Linda Brown Thompson, who as a young girl was the student at the center of the landmark Supreme Court case Brown v. Board of Education that declared school segregation unconstitutional, has died in Topeka, Kansas. She was 76.
The Peaceful Rest Funeral Chapel in Topeka confirmed it is handling funeral arrangements for Brown.
Born in 1943, Brown was in third grade in 1950 when she was denied admission to an all-white elementary school in her hometown of Topeka. She lived 20 blocks from her segregated school, but just five blocks from the all-white school. Kansas schools at the time were segregated by state law.
Brown's father, Rev. Oliver Brown, sued the school district in 1951. The National Association for the Advancement of Colored People (NAACP) took up the case, which was combined with segregation suits against school districts in other states when it came before the Supreme Court. Future Supreme Court justice Thurgood Marshall was the lead attorney for the NAACP.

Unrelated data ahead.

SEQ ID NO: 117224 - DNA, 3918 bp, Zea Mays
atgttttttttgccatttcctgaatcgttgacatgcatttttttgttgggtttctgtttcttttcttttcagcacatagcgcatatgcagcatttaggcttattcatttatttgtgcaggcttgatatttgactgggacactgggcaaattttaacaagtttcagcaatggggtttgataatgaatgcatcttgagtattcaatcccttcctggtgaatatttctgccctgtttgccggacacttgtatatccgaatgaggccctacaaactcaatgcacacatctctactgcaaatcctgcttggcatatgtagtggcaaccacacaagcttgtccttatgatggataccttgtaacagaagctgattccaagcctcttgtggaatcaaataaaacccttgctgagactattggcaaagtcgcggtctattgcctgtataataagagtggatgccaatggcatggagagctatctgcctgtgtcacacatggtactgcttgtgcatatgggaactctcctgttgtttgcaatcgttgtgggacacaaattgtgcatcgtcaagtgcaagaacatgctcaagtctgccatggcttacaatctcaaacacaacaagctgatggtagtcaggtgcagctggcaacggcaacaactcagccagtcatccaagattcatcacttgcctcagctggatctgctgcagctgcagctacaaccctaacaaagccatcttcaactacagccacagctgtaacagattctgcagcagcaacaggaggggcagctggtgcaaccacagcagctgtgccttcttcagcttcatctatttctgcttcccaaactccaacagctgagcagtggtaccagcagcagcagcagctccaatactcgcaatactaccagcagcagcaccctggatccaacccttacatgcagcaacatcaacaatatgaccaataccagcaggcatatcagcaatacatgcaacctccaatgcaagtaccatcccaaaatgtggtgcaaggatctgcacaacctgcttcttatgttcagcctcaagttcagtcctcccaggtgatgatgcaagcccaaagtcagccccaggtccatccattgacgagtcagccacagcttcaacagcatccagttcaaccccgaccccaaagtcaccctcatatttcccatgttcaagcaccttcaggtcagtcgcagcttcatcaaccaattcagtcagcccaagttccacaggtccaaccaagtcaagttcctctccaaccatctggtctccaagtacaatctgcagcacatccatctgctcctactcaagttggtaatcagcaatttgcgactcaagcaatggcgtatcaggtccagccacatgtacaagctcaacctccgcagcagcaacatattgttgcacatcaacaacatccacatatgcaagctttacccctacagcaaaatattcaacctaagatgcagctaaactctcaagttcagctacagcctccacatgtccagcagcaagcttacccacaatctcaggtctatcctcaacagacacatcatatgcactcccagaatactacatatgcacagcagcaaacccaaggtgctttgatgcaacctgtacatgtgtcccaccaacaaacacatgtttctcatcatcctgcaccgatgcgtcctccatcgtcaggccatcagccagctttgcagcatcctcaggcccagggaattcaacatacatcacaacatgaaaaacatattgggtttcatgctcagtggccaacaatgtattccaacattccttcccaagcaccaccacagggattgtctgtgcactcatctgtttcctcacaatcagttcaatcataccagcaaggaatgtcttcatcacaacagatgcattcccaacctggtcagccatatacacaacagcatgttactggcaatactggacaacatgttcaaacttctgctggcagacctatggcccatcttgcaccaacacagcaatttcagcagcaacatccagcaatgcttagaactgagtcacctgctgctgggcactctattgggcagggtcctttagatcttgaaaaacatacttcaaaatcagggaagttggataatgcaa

In a unanimous ruling in 1954, the court declared school segregation an unconstitutional violation of the 14th Amendment's guarantee of equal protection under the law. The ruling, written by Chief Justice Earl Warren, struck down the "separate but equal" doctrine that had served as the basis for segregation of public facilities since the 1896 case Plessy v. Ferguson.
"Sixty-four years ago a young girl from Topeka brought a case that ended segregation in public schools in America," Kansas Gov. Jeff Colyer told the Topeka Capital-Journal. "Linda Brown's life reminds us that sometimes the most unlikely people can have an incredible impact and that by serving our community we can truly change the world."
The Associated Press contributed to this report.